Redford takes on the perfect storm in Gravity's water-borne sibling
It’s a crime that J.C. Chandor’s Redford-starring man-against-the-elements survival drama isn’t more frequently mentioned in the same sentence as Alfonso Cuaron’s Gravity.The young writer/director’s sophomore feature is, in many ways, the space-set thriller’s water-borne equivalent. It centres on Robert Redford’s unnamed hero fighting to stay alive against the odds, stuck in the middle of the Ocean, thousands of miles from land, similarly handicapped by a piece of floating debris, and helpless against the weight of an encroaching storm. Drawn from a simple 32-page script, and almost completely devoid of dialogue (a couple of stammered swear words notwithstanding), the film is as much an exercise of pure acting as it is pure filmmaking, and it is a testament to the quality of the individual – and combined – elements, that the end result is so utterly compelling.Veteran actor – and filmmaker himself – Robert Redford is certainly the man to carry this movie single-handedly. He may be in his seventies, but that doesn’t stop him rising to the task of manning this yacht, and this film, and taking it through hell. Famous for his views on restrained dialogue, Redford tells the story just through the look on his face – and in his eyes – as he forges on, meeting every subsequent obstacle with another piece of ingenuity, and facing each new disaster head-on. Within minutes you'll forget that there's no dialogue; that there's only one actor, and simply get swept away in the crashing waves and impending doom.
At once both drawing undeniable parallels with Alfonso Cuaron's Gravity, and also drawing to memory water-borne thrillers like Dead Calm (Sam Neill's ingenuity whilst stuck on a sinking yacht was a snapshot of similar pure tension) and older classics like The Old Man and the Sea (both the Spencer Tracy original and the excellent Anthony Quinn remake), there's a similar sense of dark foreboding running throughout; of the seeming impossibility of survival in these circumstances; of the repeated and somewhat unending disasters that befall the lead character, and the power of the human spirit to prevail, no matter what the odds.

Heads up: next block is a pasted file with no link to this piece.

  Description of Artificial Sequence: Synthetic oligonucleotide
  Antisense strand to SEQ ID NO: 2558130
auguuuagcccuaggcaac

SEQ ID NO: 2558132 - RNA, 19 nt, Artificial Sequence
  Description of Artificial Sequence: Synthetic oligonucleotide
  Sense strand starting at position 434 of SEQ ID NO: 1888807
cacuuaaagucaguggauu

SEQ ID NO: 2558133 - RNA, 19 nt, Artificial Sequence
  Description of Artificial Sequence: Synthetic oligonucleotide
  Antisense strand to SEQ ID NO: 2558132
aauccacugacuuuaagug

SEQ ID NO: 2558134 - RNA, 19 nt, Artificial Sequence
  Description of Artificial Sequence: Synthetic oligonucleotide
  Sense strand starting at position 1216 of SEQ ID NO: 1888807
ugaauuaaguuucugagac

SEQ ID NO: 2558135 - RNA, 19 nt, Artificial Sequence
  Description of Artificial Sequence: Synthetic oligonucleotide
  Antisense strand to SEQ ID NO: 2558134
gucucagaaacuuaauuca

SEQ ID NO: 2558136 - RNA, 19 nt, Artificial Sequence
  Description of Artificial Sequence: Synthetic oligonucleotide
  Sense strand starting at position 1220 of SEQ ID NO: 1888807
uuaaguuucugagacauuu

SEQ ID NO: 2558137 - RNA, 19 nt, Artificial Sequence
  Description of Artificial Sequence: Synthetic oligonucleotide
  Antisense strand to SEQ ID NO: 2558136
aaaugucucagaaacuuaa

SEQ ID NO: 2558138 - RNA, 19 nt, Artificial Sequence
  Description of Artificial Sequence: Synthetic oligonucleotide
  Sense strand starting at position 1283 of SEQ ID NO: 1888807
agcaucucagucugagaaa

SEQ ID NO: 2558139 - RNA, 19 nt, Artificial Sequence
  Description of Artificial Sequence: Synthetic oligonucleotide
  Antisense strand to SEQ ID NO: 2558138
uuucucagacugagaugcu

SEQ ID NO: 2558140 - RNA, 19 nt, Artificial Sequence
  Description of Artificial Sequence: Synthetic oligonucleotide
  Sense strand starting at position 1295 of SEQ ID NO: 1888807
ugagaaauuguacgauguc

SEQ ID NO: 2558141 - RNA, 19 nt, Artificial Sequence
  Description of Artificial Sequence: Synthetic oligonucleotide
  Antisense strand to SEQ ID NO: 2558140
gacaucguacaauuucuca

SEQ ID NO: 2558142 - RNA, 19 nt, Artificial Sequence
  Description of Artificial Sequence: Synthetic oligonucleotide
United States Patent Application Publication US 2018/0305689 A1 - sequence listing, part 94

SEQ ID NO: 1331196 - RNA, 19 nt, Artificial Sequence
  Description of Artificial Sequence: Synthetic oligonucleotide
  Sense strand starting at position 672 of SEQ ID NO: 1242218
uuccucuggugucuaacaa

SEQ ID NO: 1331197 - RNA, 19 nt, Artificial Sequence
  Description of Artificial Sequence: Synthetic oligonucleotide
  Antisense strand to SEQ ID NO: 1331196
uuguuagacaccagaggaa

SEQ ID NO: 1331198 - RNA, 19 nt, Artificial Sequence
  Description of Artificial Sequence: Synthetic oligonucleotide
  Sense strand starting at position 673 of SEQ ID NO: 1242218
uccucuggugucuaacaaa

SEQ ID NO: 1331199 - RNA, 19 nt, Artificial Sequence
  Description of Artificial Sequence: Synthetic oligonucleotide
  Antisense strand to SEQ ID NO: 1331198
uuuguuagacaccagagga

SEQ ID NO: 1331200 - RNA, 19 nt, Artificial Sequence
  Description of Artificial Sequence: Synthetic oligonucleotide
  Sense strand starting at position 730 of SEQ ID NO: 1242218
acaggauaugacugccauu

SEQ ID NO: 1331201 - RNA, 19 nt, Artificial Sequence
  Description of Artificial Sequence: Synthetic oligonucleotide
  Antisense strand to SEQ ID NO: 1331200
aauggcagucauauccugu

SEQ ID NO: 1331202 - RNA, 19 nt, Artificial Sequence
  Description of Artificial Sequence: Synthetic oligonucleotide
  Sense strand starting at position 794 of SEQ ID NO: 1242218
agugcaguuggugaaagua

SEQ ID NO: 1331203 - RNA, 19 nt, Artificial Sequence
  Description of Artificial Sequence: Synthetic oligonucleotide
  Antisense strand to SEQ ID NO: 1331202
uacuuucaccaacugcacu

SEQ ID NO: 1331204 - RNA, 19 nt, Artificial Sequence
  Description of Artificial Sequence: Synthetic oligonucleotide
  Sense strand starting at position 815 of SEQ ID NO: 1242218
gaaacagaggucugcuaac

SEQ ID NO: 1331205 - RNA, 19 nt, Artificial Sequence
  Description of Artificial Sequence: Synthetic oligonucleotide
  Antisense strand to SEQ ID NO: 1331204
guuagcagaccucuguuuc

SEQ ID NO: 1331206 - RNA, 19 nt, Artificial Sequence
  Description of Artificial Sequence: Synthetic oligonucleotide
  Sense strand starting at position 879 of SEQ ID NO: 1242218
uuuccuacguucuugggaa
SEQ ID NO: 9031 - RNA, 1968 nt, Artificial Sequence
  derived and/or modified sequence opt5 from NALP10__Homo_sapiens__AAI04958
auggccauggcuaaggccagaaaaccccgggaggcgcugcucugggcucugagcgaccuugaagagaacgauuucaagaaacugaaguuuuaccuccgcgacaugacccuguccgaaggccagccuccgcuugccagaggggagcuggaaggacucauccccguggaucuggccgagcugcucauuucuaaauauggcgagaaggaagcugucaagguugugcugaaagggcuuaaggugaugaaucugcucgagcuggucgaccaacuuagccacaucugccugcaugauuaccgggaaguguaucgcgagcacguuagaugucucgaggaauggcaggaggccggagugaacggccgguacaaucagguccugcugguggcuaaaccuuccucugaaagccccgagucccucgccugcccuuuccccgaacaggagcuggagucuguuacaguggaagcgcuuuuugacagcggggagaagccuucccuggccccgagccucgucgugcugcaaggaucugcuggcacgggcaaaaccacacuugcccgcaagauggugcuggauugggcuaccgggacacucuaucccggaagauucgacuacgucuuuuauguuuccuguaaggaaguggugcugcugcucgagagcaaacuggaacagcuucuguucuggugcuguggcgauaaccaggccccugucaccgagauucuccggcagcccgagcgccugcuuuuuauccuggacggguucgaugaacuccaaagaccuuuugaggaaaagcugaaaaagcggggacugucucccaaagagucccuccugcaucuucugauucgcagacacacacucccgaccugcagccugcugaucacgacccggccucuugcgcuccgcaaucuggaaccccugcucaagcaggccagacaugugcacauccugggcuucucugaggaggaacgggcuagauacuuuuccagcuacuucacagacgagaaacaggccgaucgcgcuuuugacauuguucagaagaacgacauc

Unbearably tense, Chandor and Redford deliver a tremendous man-against-the-elements survival drama.
With Redford driving the story forward relentlessly, and Chandor shaping a streamlined, efficient, taut and unflinchingly tense human drama amidst the stormy chaos, All Is Lost stands apart from the rest as a prime example of that survival instinct; the human drive to simply stay alive. Indeed, it’s arguably in an even purer form than that exhibited by Gravity, leaving this piece competing in the big leagues, despite its ostensibly lack of grandstanding special effects, relying instead on palpable natural threats and looming mortality to keep the tension unbearable.
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